Targeted Drugs and Immunotherapy for Eye Cancer

Melanoma that has spread outside of the eye can be hard to treat, and unfortunately standard chemotherapy drugs often are not very helpful.

In recent years, researchers have developed newer types of drugs to treat advanced melanomas. Several of these drugs are now used to treat melanomas of the skin, but it’s not yet clear if they will be as helpful in treating uveal (eye) melanomas. These newer drugs generally fall into 2 groups: immunotherapy and targeted therapy.

Immunotherapy drugs

These drugs work to stimulate the body’s own immune system to recognize and attack cancer cells more effectively. They are very helpful in treating skin melanoma and a few initial studies with the drugs pembrolizumab (Keytruda®) and ipilimumab (Yervoy®) have shown benefit in some people with uveal eye melanoma. (See Immunotherapy for Melanoma Skin Cancer.) These and some other immunotherapy drugs are being studied in people with eye melanomas.

Targeted drugs

Some newer drugs target parts of melanoma cells that make them different from normal cells. For example, about half of all skin melanomas have a change (mutation) in a gene called BRAF, and several drugs that target this gene change are now available to treat these cancers. (See Targeted Therapy for Melanoma Skin Cancer.) This mutation is very uncommon in uveal melanomas, but in people who have it, these drugs might be helpful. These drugs are also being tested in people with conjunctival melanoma. Drugs targeting other gene changes are also being studied.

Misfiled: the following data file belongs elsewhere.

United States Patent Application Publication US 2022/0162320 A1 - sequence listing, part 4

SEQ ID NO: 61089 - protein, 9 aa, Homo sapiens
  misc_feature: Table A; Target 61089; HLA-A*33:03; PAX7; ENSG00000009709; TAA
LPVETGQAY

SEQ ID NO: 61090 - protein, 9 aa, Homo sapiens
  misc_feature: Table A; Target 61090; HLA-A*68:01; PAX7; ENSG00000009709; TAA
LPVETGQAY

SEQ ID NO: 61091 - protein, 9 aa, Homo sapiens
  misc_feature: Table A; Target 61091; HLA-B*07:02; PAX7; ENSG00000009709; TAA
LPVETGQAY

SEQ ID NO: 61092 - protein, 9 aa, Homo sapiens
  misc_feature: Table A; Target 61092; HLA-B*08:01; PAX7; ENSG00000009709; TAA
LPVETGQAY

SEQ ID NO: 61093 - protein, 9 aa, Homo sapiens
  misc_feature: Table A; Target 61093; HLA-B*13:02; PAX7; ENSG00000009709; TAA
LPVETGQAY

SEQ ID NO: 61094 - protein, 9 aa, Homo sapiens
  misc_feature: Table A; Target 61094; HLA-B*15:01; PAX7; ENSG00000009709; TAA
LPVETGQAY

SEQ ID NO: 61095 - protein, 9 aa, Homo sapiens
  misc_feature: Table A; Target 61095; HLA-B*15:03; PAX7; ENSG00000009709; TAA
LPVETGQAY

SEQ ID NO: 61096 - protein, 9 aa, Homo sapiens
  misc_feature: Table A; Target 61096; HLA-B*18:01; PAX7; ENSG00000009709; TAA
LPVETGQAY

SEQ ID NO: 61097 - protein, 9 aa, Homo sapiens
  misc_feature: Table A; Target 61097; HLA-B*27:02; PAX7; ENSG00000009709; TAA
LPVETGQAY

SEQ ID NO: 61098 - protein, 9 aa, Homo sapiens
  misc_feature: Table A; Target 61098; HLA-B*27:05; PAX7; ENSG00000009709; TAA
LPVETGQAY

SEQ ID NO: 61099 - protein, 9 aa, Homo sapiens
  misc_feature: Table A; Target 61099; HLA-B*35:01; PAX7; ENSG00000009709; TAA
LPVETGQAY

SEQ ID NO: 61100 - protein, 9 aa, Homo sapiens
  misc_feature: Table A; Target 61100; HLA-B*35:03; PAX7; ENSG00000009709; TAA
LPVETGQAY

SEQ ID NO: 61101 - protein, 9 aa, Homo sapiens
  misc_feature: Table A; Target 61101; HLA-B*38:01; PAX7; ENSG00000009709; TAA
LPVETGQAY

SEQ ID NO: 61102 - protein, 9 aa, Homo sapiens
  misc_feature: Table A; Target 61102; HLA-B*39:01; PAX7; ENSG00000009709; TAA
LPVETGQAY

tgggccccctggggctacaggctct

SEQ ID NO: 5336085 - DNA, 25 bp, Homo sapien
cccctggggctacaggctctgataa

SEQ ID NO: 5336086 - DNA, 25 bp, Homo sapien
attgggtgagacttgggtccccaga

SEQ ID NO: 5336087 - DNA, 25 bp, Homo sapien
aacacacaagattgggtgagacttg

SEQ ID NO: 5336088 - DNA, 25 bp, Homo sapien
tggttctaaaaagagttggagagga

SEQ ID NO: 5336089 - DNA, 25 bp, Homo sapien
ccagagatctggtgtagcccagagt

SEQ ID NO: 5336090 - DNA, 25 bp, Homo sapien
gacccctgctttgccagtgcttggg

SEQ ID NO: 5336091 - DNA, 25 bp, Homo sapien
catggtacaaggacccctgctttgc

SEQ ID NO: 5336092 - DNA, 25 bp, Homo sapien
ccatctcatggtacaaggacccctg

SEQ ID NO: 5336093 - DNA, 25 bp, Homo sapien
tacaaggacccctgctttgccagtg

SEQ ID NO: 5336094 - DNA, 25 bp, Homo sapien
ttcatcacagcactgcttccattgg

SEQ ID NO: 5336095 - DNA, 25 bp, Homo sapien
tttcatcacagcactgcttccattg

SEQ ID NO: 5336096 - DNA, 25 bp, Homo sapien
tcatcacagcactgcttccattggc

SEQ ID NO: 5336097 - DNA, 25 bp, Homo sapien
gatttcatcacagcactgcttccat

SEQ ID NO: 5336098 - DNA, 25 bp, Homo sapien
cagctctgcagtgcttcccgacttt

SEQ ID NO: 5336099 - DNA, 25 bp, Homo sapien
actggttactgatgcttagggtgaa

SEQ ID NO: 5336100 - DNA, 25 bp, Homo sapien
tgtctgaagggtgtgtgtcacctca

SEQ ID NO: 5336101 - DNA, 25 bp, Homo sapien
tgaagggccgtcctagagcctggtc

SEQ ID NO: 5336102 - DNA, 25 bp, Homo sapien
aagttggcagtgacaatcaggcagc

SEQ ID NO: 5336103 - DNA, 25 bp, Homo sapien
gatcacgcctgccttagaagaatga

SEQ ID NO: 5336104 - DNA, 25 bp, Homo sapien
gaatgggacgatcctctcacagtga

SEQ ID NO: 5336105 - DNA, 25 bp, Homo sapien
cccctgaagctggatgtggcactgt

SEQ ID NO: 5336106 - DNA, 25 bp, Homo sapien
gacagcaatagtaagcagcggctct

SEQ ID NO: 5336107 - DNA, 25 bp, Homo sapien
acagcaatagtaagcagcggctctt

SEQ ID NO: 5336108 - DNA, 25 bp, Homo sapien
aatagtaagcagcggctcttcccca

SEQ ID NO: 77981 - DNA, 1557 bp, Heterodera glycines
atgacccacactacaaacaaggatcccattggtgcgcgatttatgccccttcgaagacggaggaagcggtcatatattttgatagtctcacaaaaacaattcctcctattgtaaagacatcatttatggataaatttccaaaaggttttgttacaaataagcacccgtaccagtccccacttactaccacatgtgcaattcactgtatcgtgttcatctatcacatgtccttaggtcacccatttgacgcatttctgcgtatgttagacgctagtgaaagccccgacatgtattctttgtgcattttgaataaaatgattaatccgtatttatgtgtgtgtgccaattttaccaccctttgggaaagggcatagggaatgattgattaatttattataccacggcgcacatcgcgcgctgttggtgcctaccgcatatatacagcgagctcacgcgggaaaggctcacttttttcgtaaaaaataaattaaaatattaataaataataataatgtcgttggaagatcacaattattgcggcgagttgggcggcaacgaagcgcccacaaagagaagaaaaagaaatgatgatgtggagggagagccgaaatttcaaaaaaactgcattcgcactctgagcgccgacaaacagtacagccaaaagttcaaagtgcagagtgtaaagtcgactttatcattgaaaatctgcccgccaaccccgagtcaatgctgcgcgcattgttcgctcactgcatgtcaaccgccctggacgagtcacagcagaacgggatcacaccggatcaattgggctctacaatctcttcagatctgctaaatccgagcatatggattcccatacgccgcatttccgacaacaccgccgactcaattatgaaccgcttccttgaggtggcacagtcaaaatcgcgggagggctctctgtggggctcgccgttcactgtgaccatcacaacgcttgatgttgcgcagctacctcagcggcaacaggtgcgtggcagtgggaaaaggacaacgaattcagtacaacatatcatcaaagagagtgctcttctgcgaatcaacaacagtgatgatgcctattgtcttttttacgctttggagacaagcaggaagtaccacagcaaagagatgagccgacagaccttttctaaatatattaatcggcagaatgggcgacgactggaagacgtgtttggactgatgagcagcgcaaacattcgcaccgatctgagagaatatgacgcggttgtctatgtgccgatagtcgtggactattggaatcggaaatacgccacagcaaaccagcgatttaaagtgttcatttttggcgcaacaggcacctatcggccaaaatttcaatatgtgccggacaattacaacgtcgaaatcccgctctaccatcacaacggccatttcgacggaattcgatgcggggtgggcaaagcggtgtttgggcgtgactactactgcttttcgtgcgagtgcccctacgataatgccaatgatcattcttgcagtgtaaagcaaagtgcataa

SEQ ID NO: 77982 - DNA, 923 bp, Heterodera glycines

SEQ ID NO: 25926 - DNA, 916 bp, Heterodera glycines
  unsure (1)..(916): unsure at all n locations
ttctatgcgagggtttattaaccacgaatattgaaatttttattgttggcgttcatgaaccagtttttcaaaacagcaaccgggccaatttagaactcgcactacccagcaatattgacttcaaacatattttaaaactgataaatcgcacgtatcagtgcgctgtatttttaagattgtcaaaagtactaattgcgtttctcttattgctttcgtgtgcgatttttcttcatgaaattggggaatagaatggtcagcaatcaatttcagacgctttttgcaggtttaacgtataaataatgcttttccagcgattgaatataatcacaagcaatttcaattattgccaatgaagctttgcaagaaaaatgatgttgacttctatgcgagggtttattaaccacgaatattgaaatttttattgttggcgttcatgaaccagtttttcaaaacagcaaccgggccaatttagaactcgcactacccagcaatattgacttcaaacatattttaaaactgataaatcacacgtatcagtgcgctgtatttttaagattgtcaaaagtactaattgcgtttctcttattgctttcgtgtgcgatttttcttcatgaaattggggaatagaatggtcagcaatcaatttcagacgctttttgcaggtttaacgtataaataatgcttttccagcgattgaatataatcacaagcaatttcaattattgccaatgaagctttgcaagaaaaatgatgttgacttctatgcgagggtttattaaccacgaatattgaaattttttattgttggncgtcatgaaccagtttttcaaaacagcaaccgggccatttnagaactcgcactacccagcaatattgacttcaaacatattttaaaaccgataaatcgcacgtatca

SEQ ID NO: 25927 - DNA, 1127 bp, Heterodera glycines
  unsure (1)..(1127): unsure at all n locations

For more information on some of these newer drugs, see What's New in Eye Cancer Research?

The American Cancer Society medical and editorial content team

Our team is made up of doctors and oncology certified nurses with deep knowledge of cancer care as well as journalists, editors, and translators with extensive experience in medical writing.

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Harbour JW, Shih HA. Initial management of uveal and conjunctival melanomas. UpToDate website. Updated Aug. 3, 2018. Accessed August 15, 2018.

National Comprehensive Cancer Network. NCCN Clinical Practice Guidelines in Oncology: Uveal Melanoma. V.1.2018. Accessed at on August 15, 2018.

Last Medical Review: November 30, 2018 Last Revised: November 30, 2018

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